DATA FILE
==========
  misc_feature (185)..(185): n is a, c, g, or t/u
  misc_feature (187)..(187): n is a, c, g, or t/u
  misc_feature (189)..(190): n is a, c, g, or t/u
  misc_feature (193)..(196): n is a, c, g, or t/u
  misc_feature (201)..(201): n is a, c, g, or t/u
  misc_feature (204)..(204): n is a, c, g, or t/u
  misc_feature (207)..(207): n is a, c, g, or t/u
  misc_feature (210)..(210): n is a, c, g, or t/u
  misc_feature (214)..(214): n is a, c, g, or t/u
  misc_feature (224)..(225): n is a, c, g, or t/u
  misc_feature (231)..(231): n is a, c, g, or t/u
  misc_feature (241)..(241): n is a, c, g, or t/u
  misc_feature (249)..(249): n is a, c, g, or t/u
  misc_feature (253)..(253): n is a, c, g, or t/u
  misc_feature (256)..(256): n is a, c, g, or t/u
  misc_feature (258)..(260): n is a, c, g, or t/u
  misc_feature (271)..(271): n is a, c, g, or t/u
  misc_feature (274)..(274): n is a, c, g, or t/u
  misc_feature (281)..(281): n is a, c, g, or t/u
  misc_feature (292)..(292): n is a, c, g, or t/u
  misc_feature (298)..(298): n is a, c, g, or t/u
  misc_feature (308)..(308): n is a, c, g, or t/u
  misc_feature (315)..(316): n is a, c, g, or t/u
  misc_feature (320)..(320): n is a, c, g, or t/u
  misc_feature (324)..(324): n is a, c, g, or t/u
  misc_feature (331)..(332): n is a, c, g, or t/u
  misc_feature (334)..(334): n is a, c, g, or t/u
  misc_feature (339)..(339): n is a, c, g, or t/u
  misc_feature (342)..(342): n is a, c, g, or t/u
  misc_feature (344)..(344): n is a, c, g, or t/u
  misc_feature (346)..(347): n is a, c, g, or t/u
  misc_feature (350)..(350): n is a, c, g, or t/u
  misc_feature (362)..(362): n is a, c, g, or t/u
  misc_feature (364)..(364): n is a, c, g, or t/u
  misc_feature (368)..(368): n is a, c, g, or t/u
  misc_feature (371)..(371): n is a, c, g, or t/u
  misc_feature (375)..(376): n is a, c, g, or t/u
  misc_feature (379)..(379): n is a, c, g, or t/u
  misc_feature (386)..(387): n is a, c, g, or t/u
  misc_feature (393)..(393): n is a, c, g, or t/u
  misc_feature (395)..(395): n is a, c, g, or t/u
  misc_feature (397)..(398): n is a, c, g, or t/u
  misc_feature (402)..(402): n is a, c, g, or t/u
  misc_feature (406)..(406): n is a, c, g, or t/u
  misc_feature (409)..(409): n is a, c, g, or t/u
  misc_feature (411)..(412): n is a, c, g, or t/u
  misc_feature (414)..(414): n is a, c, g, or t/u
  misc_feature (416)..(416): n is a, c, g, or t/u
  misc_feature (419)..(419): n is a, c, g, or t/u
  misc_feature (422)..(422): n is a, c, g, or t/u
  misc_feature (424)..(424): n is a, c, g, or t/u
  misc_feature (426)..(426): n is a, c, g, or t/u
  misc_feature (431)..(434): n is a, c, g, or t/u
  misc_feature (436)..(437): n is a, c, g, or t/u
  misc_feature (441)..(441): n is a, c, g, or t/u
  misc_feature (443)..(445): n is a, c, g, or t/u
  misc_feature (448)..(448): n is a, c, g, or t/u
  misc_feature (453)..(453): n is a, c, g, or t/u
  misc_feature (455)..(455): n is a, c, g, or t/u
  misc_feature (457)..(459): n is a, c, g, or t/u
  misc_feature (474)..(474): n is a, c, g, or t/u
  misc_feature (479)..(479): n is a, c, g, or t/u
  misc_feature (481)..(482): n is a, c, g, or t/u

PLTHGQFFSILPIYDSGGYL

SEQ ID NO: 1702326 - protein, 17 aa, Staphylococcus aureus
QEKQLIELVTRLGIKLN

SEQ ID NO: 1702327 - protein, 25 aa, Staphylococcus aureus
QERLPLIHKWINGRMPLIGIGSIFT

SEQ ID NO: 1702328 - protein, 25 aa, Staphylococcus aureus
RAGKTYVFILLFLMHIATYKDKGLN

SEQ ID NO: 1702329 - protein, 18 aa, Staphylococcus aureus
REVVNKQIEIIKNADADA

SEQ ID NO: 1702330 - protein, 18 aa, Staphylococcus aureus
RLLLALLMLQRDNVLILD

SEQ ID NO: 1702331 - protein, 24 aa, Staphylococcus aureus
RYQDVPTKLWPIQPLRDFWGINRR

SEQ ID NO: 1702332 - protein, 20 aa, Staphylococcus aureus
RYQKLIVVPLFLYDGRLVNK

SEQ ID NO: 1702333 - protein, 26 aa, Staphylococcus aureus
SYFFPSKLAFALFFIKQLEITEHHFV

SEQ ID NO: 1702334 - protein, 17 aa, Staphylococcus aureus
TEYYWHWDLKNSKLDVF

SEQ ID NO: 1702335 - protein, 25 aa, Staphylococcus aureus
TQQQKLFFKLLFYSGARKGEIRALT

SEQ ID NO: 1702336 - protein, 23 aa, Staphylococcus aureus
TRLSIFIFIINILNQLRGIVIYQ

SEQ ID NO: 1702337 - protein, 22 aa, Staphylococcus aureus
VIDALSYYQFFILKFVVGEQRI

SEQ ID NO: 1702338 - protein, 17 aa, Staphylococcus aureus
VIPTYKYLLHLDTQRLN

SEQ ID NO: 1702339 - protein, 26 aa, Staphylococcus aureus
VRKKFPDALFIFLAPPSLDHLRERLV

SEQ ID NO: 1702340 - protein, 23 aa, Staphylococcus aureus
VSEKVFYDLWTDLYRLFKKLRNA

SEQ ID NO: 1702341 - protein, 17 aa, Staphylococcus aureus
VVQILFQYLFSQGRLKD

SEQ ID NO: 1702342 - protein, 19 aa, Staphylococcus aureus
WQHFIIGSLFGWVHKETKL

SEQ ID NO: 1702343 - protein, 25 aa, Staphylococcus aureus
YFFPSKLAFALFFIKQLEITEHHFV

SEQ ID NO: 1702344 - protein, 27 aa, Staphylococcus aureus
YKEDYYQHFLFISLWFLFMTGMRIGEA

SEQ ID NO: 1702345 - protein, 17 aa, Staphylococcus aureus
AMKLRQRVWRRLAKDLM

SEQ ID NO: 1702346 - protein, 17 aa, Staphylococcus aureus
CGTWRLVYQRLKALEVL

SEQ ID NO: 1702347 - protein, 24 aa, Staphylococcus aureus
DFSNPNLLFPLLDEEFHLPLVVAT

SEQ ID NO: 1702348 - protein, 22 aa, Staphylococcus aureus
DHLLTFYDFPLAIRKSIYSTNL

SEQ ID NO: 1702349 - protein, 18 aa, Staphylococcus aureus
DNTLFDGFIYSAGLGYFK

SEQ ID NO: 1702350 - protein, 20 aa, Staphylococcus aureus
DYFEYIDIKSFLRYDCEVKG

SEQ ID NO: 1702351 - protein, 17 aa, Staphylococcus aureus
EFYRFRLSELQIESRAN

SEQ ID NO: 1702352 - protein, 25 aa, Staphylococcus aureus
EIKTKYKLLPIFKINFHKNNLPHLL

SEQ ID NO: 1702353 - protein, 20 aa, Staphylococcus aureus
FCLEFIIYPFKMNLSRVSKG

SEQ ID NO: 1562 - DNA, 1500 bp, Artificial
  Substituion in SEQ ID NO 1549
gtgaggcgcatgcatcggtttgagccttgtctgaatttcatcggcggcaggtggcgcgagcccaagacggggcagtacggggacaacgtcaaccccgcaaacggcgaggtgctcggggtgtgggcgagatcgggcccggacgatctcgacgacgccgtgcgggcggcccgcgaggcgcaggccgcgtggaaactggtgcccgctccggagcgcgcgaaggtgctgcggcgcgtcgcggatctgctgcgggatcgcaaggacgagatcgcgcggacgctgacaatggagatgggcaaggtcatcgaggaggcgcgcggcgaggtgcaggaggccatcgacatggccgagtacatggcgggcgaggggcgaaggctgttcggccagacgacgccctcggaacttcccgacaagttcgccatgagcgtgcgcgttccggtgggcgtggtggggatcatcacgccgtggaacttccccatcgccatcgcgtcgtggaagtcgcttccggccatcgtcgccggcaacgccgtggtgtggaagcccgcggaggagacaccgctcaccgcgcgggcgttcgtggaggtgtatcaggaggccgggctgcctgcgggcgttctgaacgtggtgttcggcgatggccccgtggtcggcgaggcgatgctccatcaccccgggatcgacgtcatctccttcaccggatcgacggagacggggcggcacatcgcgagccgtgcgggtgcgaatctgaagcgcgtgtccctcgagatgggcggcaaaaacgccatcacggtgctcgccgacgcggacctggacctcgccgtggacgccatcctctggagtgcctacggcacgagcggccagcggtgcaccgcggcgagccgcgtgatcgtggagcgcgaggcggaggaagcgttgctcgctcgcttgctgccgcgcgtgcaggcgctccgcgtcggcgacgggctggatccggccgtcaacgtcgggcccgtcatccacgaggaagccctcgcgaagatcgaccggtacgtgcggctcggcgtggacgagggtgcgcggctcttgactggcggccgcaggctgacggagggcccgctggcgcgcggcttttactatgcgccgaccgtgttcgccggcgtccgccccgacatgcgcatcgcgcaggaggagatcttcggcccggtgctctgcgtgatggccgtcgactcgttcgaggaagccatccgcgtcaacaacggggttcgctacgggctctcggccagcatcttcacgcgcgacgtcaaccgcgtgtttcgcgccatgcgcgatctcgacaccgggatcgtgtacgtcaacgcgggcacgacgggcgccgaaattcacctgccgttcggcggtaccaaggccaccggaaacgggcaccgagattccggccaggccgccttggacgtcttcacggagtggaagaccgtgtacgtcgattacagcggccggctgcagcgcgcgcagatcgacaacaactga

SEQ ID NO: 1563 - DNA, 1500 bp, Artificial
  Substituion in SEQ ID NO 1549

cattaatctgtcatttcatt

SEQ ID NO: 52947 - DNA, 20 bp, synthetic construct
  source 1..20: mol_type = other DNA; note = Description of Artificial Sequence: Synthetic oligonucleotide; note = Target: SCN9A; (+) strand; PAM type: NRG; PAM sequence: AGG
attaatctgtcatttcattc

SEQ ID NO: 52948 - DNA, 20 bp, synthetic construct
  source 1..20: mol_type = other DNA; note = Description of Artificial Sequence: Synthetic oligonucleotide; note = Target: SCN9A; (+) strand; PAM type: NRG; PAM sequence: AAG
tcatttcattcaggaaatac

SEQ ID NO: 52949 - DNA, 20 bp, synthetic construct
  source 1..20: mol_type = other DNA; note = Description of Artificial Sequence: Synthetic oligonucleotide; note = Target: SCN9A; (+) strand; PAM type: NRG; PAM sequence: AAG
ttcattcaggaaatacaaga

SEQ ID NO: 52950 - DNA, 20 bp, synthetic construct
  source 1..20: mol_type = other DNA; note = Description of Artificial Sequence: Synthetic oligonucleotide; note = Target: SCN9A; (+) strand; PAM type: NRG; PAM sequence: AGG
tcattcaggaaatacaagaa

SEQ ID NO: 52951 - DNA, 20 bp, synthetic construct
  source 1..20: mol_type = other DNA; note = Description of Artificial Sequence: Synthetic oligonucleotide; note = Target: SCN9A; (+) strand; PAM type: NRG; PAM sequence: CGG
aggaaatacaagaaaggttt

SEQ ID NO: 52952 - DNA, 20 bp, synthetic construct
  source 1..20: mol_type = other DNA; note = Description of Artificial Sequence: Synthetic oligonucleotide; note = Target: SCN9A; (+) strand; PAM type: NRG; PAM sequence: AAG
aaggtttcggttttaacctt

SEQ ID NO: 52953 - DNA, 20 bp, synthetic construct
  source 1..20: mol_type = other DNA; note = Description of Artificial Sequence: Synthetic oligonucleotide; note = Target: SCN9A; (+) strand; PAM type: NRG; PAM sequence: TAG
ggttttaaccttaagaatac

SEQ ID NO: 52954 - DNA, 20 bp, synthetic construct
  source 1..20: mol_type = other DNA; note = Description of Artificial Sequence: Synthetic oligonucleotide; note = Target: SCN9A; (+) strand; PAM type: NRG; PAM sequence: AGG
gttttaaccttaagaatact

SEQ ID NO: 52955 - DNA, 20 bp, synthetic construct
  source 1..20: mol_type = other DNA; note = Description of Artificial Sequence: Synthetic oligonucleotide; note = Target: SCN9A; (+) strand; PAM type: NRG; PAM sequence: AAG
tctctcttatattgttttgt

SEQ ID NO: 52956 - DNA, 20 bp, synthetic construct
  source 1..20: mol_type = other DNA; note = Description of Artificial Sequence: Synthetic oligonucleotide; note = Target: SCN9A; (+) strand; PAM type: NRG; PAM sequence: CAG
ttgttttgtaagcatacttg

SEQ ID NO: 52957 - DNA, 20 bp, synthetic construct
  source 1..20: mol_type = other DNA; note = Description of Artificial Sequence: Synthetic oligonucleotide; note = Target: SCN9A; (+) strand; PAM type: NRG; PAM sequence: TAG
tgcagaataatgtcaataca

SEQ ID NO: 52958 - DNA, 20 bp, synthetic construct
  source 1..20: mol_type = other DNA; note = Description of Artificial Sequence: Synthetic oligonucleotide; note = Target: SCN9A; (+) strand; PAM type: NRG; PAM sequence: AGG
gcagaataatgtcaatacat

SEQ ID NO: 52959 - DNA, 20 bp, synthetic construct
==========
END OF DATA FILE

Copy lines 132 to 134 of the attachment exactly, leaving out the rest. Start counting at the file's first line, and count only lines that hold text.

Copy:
tcatttcattcaggaaatac

SEQ ID NO: 52949 - DNA, 20 bp, synthetic construct
  source 1..20: mol_type = other DNA; note = Description of Artificial Sequence: Synthetic oligonucleotide; note = Target: SCN9A; (+) strand; PAM type: NRG; PAM sequence: AAG